A few years ago, a group of friends in Arlington had a realization: the county they called home didn’t have its own Pride celebration.
“It just seems to be the natural fit, because every other area around Arlington has a Pride,” says Lindsey Hinton. D.C.’s Capital Pride is nearly 50 years old; in Northern Virginia, Alexandria launched an event five years ago, and others have popped up in Reston, Merrifield and other places.
But despite there being smaller neighborhood or school celebrations, Arlington still lacked its own countywide Pride event. “So we said, ‘Well, no one’s going to do it. We’ll just do it,’” Hinton says.
The stars felt aligned. Hinton, along with fellow Arlington residents Adonis Ajayi and Kymberli Moore, had some experience planning events, and had recently started their own events company. They started talking with locals about the Arlington Pride idea.
“No one could tell us why it hadn’t happened before,” Hinton says. “We had knocked on all the doors to make sure that we weren’t stepping on toes.”
The stars fell out of alignment, though. Those initial conversations were years ago, to the end of putting on Arlington Pride in 2020. But the pandemic had other plans.
This year, they’re finally getting their shot. On Saturday afternoon in Gateway Park in Rosslyn, the group, now under the business name The Polished Kreative, will throw Arlington County’s inaugural Pride celebration. The event will feature food, drinks, music, a drag show, resources for LGBTQ+ youth and their families, information for allies, and even a space for attendees’ dogs.
The park will be divided into sections to provide attendees with different experiences, according to Hinton.
“If you like a good party, come over here. If you just want to hang out with the energy, come over here,” she says. “If you want to bring your dog and your kids because you’re an ally, or you understand this is where your kids are going, come over here.”
The team decided against holding the Arlington event on the same weekend as Capital Pride. D.C.’s annual celebration is always a big draw, and it attracted thousands this year after two years of hybrid celebrations due to the pandemic.
“We were so proud of Capital Pride and what they’ve accomplished,” Hinton says. “We see them as mega giants.”
The point of Arlington Pride isn’t to recreate Capital Pride — it’s to give LGBTQ+ Arlingtonians a new space to feel represented and seen.
“There’s something about a hometown event that just resonates a little differently than, say, going to Alexandria or to Capital Pride,” says Hinton, who has lived in Arlington for 15 years. Ajayi and Moore, too, are longtime residents of the county.
A big part of their vision, Hinton says, was creating an event in Arlington that felt truly intersectional.
“We’re all queer and we’re all POCs [people of color],” she says. “We wanted something that represented us in this community … so we created a lane for ourselves.”
Hinton is especially hopeful the event will reach and support youth and their families.
“I’ve always known that that was my path in life to just keep opening doors,” she says. “Seeing yourself in something is such a huge thing. I don’t think I’d be where I am if I didn’t have the quality representation of other Black women doing extraordinary things.”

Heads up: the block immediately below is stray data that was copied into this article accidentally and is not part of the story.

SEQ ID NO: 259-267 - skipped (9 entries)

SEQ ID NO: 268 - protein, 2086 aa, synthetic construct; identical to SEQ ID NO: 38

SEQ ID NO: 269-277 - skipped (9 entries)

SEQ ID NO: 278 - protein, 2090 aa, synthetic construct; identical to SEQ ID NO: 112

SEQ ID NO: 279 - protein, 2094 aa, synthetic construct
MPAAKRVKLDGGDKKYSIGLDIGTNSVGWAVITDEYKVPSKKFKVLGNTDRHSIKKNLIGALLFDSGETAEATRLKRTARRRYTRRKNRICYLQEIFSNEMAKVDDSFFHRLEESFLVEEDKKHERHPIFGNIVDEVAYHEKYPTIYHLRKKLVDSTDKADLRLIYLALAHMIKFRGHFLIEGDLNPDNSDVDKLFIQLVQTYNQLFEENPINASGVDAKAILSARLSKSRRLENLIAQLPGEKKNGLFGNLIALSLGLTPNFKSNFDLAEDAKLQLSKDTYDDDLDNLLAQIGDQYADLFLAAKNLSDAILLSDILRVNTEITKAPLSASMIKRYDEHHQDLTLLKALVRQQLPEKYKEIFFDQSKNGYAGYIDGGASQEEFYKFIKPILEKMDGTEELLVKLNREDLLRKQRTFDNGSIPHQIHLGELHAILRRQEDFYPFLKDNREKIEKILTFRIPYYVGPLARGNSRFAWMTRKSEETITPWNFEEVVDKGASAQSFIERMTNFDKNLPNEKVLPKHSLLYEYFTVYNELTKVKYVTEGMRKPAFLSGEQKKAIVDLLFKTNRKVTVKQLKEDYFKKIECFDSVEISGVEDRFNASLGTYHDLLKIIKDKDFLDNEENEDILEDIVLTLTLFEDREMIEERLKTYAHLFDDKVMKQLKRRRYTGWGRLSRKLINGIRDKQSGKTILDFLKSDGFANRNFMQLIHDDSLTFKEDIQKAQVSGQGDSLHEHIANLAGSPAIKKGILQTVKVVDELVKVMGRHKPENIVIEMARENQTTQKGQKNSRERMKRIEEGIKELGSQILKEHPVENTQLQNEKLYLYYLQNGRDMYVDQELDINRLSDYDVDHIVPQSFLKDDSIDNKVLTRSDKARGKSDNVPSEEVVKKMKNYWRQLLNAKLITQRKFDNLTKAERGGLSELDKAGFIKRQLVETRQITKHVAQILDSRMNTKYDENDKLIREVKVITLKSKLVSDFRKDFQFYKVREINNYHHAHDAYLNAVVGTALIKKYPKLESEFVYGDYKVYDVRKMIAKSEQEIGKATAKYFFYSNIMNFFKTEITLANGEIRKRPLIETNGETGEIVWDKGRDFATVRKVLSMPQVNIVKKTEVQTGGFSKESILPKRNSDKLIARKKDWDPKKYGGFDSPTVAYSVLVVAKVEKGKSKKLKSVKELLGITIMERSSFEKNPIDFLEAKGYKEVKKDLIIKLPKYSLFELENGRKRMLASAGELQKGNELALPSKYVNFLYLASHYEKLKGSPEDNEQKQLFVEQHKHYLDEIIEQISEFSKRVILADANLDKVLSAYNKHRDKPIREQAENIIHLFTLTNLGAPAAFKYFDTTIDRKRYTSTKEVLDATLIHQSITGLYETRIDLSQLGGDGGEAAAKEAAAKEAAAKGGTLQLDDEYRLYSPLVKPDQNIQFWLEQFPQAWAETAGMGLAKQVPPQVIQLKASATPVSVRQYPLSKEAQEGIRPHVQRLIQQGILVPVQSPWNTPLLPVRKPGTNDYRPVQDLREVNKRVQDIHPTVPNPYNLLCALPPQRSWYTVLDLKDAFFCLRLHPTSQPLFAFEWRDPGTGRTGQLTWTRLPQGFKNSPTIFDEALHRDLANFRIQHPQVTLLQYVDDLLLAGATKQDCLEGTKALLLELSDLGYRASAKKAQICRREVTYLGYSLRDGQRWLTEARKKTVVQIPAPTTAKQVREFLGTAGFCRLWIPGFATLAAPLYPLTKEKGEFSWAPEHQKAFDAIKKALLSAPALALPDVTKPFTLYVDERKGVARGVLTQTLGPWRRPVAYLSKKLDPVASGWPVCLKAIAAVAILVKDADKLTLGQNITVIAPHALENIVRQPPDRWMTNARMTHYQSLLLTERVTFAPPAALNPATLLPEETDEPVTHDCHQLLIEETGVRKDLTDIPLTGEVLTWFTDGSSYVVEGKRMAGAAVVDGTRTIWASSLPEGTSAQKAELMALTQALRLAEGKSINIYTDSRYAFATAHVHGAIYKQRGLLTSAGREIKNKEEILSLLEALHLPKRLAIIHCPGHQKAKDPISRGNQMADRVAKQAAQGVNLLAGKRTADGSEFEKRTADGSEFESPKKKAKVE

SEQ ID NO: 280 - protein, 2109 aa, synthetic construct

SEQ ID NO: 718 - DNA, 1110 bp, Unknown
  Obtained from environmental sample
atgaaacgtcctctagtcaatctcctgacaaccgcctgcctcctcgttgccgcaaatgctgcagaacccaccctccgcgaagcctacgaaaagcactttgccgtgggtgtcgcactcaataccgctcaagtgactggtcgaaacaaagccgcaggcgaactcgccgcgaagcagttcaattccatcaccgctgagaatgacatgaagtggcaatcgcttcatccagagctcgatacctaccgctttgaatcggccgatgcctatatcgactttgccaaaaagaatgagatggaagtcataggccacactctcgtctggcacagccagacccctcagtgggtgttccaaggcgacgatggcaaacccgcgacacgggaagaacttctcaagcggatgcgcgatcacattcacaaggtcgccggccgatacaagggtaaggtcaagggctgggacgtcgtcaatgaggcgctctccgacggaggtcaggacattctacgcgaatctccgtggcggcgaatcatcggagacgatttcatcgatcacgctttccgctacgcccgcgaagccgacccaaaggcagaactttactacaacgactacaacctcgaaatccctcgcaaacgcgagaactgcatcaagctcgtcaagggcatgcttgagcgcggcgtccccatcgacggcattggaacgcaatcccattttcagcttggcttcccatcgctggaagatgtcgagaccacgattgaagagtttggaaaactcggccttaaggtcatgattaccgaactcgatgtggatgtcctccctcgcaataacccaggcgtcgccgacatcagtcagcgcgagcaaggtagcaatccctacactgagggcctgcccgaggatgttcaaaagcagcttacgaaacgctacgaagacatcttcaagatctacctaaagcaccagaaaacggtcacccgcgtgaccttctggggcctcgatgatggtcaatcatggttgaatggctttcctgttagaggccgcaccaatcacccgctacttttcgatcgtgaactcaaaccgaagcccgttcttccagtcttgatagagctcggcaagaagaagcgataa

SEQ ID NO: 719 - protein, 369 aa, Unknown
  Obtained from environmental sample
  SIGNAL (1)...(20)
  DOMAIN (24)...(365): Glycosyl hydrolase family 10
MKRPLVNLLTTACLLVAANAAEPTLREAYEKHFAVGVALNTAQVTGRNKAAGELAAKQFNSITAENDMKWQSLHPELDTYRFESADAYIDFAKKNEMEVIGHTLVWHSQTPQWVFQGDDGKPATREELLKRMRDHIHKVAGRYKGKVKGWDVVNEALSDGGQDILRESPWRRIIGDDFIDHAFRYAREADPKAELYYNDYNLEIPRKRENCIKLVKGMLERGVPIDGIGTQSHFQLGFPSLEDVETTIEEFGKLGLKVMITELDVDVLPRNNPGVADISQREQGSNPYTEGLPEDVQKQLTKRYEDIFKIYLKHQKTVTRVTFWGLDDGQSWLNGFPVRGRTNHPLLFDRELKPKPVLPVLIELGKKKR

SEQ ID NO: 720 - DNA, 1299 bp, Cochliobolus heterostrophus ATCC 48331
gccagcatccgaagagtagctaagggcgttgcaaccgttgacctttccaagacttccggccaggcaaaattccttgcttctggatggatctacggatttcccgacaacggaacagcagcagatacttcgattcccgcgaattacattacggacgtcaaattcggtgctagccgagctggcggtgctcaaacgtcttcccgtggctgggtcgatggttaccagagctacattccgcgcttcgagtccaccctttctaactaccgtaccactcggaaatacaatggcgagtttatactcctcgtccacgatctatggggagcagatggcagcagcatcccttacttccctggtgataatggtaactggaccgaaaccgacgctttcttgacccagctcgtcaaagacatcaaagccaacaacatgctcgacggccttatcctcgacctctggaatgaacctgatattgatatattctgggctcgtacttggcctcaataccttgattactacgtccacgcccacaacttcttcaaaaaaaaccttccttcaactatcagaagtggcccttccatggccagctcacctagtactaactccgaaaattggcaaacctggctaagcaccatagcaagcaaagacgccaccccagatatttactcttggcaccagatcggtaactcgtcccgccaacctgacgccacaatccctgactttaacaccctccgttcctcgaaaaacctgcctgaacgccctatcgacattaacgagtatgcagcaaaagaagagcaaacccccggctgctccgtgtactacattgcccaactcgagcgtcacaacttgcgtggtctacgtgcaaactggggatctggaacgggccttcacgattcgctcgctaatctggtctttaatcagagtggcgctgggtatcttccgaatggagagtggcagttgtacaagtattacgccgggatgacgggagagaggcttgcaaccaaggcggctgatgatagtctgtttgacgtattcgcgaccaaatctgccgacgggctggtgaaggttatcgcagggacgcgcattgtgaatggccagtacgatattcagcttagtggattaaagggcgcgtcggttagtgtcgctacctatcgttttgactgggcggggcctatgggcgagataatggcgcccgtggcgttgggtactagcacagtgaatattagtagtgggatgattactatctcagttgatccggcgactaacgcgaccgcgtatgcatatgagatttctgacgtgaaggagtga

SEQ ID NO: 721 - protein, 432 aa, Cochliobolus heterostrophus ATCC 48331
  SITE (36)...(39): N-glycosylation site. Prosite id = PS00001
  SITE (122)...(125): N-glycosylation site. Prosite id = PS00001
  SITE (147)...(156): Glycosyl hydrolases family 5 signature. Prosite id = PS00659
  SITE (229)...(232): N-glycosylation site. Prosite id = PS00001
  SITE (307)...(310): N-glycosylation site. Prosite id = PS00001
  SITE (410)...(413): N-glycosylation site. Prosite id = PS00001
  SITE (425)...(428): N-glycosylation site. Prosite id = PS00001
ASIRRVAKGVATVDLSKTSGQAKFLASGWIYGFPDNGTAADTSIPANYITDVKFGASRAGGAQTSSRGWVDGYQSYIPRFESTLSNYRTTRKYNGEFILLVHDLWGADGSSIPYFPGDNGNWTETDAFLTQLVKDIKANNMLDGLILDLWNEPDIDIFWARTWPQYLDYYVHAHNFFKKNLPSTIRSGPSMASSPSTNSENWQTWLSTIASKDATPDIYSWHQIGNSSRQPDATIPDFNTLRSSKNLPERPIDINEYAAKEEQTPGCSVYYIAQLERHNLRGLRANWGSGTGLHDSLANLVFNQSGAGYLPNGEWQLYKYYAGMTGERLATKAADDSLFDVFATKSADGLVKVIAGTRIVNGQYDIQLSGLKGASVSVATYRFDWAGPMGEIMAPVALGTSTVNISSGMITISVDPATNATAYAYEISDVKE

“I want that for the gay community,” she adds.
LGBTQ+ people, especially youth, have come under renewed attacks from conservatives in the past several years, with political controversies erupting in Northern Virginia schools over books by LGBTQ+ authors, inclusive policies for transgender students, and more. Nationally, the conservative backlash has been even more extreme, with threats of violence narrowly thwarted at a pride celebration in Idaho and state legislatures banning teachers from talking about LGBTQ+ people or their history in classrooms.
Hinton and her fellow organizers are undeterred by that context — in fact, they feel it makes their work to create a space for people to celebrate and lay down their burdens all the more necessary.
“It’s a time for all of us to come together, for all of us to celebrate,” she says. “We all need a break — set our fears down for a minute, come out together, remember that we’re a community, remember that we’re in this together, and just take a moment to refresh and reboot from all this craziness.”
That sense is heightened by the organizers’ own experiences as queer people of color, she says.
“Having pushback and being in a space where someone feels like we shouldn’t be in a space has been something we’ve been living with all of our lives,” Hinton says. “So we are very well versed in that. And because we are, we don’t make any decisions out of fear.”
Hinton says her team have been overwhelmed by the “outpouring of positivity” from community members and local elected officials. Arlington County Board Chair Katie Cristol will present a proclamation in recognition of the celebration on Saturday.
Arlington Pride will be a first for the county — and also a first for Hinton herself, who didn’t come out until later in life. She’s never been to a Pride celebration herself, though she says she’s always worked in gay bars.
“I’ve been to a lot of parties but nothing that was ever specific,” she says. “I feel like I did that because I wasn’t ready.” But now, she is — and she’s also ready for her fellow Arlingtonians to come celebrate and uplift their LGBTQ+ neighbors.
“If you’re on the planet, this somehow affects you,” she says. “Either you are gay or you know someone that’s gay.”
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